Bipartisan cooperation took center stage as Congressional lawmakers discussed the future of federal cannabis reform during a House hearing on Tuesday.
The U.S. House Committee on Oversight and Reform Subcommittee on Civil Rights and Civil Liberties held a hybrid hearing to examine the benefits of cannabis decriminalization at the federal level, including addressing racial disparities in the criminal justice system, improving treatment options for veterans, and allowing cannabis companies to access traditional banking services.
The timing of the hearing broadly shaped aspects of the discussion. With the midterm election just last week, Democrats are poised to lose control of the House but maintain control of the Senate, where cannabis reform supporter Chuck Schumer will remain majority leader. Meanwhile, with a roughly six-week lame duck period, potential strategies around a cannabis Hail Mary continue to circulate.
Among the speakers that testified: Paul Armentano, deputy director of the National Organization for the Reform of Marijuana Laws; Andrew Freedman, executive director of the Coalition for Cannabis Policy, Education, and Regulation; Eric Goepel, founder and CEO of the Veterans Cannabis Coalition; Keeda Haynes, senior legal advisor of Free Hearts; Amber Littlejohn, senior policy advisor for the Global Alliance for Cannabis Commerce; Jillian Snider, policy director of criminal justice & civil liberties for the R Street Institute; and Randall Woodfin, mayor of the City of Birmingham, Alabama.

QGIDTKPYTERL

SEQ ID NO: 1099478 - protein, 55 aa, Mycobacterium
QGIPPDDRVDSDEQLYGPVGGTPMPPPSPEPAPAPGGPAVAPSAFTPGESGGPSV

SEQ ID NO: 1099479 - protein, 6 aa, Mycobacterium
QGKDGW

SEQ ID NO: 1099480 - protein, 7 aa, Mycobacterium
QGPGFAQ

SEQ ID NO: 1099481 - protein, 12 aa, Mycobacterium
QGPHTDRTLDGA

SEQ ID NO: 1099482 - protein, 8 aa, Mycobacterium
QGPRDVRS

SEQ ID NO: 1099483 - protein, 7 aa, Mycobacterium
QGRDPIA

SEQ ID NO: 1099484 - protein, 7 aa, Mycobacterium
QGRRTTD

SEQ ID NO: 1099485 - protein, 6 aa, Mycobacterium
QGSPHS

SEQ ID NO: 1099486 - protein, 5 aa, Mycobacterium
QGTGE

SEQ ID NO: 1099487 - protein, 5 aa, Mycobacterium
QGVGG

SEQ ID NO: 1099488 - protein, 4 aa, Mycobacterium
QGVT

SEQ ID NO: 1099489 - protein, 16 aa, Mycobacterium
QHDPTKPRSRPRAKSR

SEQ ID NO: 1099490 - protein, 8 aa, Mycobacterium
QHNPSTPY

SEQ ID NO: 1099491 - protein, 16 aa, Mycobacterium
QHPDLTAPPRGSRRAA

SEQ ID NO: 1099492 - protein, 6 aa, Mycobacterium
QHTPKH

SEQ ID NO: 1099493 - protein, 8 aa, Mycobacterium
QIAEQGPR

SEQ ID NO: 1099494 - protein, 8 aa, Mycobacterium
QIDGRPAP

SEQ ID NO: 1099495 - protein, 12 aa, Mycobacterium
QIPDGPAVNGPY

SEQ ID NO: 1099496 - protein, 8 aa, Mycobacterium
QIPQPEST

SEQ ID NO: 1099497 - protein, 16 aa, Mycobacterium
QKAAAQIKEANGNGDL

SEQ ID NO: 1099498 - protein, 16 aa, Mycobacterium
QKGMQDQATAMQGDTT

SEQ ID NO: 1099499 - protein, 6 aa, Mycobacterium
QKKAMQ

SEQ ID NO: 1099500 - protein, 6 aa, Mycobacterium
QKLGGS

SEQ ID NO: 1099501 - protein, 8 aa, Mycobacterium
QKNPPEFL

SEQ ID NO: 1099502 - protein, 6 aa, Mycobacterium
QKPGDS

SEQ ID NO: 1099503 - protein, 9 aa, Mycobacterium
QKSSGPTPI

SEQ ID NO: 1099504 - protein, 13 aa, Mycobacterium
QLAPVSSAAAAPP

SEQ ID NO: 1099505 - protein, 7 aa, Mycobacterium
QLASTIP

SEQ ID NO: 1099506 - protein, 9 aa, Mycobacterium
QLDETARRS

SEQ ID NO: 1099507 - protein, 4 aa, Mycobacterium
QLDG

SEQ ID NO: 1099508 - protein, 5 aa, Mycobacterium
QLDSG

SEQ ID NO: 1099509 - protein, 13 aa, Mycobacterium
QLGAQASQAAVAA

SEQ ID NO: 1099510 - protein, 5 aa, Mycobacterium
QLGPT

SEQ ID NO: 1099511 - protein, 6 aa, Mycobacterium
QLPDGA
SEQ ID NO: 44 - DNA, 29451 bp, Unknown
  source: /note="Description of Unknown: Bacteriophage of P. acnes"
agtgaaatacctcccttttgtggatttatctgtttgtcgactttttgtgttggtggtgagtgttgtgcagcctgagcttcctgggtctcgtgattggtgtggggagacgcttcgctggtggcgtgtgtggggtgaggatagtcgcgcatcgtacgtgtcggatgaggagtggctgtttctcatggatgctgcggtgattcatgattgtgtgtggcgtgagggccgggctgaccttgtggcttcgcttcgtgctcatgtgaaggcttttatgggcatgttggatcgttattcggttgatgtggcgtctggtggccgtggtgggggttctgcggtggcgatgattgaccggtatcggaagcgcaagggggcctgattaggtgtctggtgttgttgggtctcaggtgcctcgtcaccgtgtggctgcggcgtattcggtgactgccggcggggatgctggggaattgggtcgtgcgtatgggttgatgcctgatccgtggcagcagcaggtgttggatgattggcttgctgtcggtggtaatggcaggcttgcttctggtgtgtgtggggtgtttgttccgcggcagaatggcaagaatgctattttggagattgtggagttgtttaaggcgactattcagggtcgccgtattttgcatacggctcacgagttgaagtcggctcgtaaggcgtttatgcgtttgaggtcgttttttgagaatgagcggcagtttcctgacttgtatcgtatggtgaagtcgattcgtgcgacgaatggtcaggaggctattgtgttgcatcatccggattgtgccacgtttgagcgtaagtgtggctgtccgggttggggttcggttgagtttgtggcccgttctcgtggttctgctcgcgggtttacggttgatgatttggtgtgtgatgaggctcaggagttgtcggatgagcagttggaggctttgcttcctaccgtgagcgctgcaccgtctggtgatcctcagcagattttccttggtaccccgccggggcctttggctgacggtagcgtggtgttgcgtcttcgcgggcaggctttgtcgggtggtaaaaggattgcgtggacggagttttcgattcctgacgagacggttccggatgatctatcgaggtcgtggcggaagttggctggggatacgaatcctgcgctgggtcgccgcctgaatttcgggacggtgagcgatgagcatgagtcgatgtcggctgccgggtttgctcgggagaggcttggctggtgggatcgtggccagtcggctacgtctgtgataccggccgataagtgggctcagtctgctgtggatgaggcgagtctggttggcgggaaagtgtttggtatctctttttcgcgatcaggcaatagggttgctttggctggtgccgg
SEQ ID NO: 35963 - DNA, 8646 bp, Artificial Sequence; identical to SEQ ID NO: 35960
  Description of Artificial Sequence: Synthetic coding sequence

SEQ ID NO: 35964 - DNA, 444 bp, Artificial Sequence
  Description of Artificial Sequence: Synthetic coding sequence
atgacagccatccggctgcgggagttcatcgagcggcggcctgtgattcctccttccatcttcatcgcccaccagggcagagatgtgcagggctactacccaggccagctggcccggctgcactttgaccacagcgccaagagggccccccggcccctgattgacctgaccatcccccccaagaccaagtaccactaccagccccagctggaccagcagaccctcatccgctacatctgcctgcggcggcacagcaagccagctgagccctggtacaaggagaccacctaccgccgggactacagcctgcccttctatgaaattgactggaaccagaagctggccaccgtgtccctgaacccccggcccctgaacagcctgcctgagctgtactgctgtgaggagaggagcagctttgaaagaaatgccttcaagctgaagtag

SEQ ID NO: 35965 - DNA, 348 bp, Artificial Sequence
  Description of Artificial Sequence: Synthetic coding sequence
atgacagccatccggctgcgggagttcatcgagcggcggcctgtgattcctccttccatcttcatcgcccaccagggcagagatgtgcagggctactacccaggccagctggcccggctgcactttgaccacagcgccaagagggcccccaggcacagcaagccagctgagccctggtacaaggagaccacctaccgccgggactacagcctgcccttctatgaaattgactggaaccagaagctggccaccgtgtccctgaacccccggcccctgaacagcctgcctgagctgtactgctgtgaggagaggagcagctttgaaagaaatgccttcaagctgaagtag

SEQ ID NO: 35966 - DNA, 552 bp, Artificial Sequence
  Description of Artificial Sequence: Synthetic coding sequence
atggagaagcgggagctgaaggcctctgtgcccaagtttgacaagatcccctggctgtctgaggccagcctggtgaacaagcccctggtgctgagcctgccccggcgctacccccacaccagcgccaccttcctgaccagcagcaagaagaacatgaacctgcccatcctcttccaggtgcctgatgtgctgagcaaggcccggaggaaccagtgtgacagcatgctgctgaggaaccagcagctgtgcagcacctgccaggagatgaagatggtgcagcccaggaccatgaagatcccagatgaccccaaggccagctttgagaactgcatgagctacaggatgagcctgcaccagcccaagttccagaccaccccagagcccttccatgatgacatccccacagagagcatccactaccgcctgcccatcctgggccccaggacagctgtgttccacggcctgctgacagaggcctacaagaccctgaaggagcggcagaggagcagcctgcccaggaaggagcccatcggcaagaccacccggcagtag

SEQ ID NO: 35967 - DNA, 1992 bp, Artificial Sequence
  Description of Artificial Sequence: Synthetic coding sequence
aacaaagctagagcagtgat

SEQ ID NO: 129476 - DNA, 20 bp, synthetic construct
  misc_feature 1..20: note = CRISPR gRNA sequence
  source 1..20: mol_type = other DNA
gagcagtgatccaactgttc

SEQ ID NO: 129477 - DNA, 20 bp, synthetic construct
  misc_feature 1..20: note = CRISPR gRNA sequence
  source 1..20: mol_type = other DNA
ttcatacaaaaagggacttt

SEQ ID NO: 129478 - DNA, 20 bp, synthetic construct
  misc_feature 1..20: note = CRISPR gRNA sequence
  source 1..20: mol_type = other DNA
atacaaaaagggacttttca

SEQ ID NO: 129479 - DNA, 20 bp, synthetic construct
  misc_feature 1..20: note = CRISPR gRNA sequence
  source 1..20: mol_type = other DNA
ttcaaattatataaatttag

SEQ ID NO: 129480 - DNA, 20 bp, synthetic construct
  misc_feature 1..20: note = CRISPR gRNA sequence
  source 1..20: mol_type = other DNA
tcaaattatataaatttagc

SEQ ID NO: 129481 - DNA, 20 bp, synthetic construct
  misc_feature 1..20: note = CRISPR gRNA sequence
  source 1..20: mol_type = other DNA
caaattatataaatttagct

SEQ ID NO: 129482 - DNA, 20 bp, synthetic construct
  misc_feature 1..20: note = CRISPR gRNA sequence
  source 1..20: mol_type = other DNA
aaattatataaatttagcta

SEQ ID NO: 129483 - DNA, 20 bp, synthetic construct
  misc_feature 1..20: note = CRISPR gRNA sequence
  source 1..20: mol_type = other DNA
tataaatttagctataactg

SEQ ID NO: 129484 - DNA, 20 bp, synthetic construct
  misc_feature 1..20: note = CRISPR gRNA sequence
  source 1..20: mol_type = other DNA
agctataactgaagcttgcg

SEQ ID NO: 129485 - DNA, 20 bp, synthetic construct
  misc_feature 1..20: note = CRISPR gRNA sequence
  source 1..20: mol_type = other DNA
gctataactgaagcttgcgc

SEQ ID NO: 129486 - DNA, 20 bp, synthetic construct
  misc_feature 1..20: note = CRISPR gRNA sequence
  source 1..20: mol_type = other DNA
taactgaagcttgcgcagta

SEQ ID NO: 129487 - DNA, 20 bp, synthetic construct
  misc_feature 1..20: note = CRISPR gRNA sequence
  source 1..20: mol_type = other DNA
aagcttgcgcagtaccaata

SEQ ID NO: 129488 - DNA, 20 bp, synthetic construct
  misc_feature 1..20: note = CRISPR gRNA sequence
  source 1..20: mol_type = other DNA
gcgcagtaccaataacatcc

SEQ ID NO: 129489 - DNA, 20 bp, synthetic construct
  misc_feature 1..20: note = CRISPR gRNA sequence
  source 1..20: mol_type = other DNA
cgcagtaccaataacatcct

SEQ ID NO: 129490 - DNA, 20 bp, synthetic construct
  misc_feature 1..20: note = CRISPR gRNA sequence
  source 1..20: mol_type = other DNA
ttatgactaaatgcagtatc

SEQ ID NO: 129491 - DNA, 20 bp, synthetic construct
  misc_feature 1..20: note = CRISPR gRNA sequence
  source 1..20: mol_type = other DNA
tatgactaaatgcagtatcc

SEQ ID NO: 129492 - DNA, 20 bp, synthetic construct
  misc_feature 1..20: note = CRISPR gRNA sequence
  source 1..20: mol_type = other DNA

Rep. Jamie Raskin of Maryland, chair of the subcommittee started the hearing by applauding Pres. Joe Biden’s announcement that he would pardon simple federal cannabis possession crimes and initiate a review of how cannabis is classified under federal law. Cannabis has remained in Schedule I of the Controlled Substances Act since the 1970s. It is the strictest category, reserved for substances with no medical use and a high potential for misuse.
“The war against marijuana has ruined so many lives in our country, and we can do a lot better by treating all of these as public health questions and regulatory questions rather than questions of crime and putting people behind bars,” Raskin said.
Raskin said that the idea for the hearing came from South Carolina Rep. Nancy Mace, ranking member of the subcommittee. Mace emerged as a strong supporter of cannabis law reform after her introduction of the States Reform Act exactly one year ago.